Detecting Oscillation in Dynamic Models: A Time-Intensive Challenge

In summary, oscillation in a general family of dynamic models can occur, as seen in the example of the function xk+1=xn^2-1 with a starting value of 0. Detecting this type of oscillation is crucial before plugging in specific numbers. One approach is to look for the condition of convergence, where the sequence either converges to a point or has infinitely many local maximums and minimums. Another method is to simplify the function and check if it satisfies the definition of periodicity, f(x+p)=f(x), where p is a non-zero constant. Additionally, fitting a continuous model and finding the limit at the extreme points can help determine if a dynamic model will exhibit oscillation.
  • #1
camjohn
80
0
For a general family of dynamic models, xk+1=f(xk), oscillation can occur; for example, the function xk+1=xn2-1 experiences oscillation under the starting value 0:

(x2=x12-1=x2=02-1→x2=-1→x3=x22-1=x3=-12-1→x3=0)

This type of oscillation must be capable of detection before actually pluggin in the numbers. How can you figure out that a dynamic model will oscillate in such a way?
 
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  • #2
Hey camjohn and welcome to the forums.

One condition up-front is the idea of convergence. If the sequence doesn't converge to some point, you definitely can rule out oscillation.

The general definition of oscillation is that for some function mapping, he have the property that f(x + p) = f(x) for all x and a fixed p.

If you can show this holds for a fixed p, then you're done.

You can also do things like project your mapping to a specific kind of periodic basis and check the results to see whether they are consistent with something of a periodic nature.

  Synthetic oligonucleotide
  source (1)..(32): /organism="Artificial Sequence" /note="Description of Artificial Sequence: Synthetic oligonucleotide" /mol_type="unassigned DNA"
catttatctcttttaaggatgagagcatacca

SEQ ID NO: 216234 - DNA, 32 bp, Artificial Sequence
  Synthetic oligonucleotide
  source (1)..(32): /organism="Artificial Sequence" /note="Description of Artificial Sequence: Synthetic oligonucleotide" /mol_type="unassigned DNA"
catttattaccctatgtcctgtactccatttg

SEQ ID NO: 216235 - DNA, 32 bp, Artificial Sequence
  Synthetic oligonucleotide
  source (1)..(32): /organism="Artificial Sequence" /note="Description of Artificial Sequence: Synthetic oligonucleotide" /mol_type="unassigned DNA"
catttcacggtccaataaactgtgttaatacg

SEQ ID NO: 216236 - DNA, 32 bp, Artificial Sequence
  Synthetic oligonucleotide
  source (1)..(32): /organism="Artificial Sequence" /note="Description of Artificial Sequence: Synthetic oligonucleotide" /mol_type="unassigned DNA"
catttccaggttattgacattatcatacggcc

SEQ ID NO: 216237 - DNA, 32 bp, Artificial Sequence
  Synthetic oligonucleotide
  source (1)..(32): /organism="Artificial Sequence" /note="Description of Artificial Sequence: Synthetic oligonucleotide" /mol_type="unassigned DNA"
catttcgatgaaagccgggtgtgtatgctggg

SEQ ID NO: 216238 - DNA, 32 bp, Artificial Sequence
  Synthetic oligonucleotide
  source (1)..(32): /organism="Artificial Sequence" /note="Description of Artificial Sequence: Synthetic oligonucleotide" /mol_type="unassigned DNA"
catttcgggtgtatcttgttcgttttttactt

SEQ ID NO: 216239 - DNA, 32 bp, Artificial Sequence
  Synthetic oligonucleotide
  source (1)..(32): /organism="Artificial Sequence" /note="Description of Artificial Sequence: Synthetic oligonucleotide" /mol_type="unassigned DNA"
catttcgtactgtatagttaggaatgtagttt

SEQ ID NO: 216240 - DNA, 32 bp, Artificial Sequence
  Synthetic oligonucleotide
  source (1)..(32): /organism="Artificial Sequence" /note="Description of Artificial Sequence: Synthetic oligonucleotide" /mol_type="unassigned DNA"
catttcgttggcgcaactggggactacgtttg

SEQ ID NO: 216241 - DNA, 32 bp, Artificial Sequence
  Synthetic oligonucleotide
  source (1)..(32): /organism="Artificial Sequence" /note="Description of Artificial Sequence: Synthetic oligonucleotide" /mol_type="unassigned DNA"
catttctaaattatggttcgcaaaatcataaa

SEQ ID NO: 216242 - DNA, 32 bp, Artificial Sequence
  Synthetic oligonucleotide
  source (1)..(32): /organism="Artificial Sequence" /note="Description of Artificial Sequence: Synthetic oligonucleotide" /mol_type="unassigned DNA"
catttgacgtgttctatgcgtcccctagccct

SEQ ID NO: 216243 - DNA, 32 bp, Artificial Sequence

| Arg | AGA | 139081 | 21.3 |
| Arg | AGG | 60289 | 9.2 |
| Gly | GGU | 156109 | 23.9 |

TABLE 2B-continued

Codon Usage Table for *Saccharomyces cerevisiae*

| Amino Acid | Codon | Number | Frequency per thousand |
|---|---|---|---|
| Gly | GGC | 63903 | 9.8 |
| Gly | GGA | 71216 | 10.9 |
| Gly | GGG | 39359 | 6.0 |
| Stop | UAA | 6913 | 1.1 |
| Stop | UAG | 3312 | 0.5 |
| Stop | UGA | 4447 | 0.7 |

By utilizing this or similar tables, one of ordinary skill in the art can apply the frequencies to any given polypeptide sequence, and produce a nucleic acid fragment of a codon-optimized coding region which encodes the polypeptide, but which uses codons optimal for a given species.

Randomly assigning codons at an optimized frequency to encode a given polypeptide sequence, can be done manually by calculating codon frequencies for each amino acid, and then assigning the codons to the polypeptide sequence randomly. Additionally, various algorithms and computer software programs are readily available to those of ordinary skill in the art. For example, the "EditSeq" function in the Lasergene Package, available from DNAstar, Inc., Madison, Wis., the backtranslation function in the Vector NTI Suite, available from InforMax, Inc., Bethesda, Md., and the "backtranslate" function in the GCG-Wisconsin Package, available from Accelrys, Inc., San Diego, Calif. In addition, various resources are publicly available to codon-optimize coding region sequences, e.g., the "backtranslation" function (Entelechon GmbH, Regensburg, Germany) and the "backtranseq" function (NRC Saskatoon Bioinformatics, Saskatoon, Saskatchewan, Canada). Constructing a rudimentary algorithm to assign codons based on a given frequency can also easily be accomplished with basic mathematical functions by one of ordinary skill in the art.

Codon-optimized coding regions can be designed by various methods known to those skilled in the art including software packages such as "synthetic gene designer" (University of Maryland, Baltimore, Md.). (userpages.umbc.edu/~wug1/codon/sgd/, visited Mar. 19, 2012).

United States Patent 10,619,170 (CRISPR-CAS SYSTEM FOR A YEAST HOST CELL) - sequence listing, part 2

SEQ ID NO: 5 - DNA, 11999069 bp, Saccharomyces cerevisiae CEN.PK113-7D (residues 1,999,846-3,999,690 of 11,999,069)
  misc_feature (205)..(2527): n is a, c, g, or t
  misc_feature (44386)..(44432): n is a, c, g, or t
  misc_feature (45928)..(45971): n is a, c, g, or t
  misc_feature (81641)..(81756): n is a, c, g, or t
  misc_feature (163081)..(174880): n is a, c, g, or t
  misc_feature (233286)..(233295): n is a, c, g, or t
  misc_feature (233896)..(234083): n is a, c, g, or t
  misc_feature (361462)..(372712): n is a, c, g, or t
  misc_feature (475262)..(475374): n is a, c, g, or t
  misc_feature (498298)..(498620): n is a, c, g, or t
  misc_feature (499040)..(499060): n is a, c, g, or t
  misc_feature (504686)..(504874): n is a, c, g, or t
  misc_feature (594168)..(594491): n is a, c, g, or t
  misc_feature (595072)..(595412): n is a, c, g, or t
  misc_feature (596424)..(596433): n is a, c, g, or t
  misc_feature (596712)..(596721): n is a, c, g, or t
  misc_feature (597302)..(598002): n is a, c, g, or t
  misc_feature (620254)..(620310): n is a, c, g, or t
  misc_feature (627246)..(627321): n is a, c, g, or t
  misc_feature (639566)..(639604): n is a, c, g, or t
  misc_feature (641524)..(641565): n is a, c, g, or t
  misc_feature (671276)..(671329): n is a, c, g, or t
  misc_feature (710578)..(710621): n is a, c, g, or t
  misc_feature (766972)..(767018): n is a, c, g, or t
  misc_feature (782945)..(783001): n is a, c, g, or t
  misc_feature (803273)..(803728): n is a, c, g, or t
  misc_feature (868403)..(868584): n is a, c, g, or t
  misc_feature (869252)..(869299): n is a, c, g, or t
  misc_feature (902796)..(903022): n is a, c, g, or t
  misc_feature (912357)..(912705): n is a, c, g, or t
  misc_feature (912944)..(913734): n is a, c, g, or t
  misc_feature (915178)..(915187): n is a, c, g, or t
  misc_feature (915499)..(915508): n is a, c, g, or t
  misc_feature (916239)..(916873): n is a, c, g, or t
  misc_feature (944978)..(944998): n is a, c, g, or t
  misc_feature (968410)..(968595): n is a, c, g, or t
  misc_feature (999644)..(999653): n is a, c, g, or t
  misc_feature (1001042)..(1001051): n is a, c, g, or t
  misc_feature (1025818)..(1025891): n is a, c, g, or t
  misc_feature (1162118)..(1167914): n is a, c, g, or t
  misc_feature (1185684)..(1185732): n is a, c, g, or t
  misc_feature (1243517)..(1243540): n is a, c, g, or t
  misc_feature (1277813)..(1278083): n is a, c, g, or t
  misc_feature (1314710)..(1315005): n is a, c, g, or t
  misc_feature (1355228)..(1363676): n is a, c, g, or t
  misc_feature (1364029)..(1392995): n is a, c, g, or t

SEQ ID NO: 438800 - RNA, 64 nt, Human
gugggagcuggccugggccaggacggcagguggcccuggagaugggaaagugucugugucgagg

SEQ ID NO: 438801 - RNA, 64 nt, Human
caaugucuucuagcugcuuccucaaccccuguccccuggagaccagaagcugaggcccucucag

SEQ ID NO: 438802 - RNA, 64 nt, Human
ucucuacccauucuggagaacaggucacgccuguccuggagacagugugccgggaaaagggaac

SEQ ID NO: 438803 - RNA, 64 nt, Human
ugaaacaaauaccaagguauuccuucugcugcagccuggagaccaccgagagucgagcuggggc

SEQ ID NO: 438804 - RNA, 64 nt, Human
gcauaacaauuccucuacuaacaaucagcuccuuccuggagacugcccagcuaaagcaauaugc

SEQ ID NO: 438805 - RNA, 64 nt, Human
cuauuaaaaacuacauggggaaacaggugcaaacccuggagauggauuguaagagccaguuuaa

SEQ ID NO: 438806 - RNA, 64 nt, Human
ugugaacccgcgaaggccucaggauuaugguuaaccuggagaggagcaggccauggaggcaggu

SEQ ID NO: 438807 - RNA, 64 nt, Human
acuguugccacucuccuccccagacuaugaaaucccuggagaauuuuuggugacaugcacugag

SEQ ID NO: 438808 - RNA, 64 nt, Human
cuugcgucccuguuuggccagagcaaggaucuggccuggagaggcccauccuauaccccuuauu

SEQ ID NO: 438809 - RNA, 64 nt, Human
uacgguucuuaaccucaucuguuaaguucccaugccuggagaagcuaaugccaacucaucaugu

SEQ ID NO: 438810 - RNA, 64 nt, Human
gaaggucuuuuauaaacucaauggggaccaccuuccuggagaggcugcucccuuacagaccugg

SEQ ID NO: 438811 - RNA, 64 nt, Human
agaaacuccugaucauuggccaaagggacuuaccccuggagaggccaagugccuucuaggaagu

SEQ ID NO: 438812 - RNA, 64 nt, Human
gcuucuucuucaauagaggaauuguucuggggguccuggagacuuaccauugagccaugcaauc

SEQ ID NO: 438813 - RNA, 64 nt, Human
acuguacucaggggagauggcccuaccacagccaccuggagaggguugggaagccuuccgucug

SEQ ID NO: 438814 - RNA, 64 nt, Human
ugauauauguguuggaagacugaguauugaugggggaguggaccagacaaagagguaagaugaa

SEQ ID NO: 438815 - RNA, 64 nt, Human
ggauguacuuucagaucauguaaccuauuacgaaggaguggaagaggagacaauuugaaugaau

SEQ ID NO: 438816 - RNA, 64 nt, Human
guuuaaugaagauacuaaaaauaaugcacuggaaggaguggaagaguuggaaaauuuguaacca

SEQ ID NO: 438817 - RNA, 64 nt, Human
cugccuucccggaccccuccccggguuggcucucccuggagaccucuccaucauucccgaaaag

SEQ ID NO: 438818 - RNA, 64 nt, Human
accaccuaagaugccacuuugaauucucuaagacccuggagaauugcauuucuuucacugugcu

I'd recommend looking at the first two and look at what the implications of f(x + p) = f(x) imply in all different kinds of analyses (like taylor series expansions and so on). You can do the same sort of thinking for discrete functions as well (of which your case is an example).
 
  • #3
OK, but is that really the definition of oscillation? f(x+p)=f(x)? I'm probably wrong, but I read that expression as some function equaling itself plus a constant. Wouldn't an oscillation have to be expressed, at least to some degree, in a recursive manner? How can you simplify the function, given the starting value, in a way that the oscillation comes clear? Is there a way? Does f(x+p)=f(x) mean something other than a function equaling itself plus a constant, p?
 
  • #4
By oscillation, I interpreted your question to mean "periodic" and the definition f(x+p) = f(x) for some non-zero p is the definition of periodicity.

Now this is a very specific kind of oscillation.

If you want a general kind of oscillation that can happen potentially infinitely many times for a smooth signal, this means it will have infinitely many times that the derivative is equal to 0.

For a discrete signal, instead of the derivatives being zero it means that there are infinitely many local maximums and minimums.

If you approximate, interpolate or fit a discrete signal by a continuous one then the continuous version must have infinitely many zeroes for the derivative.

If you don't have this property, then it means you can only have a finite number of oscillations within some interval (and then you have no more) or that you have none and that the function will tend to specific limits as the domain goes to both extremes (like a hyperbolic function, exponential, that kind of thing).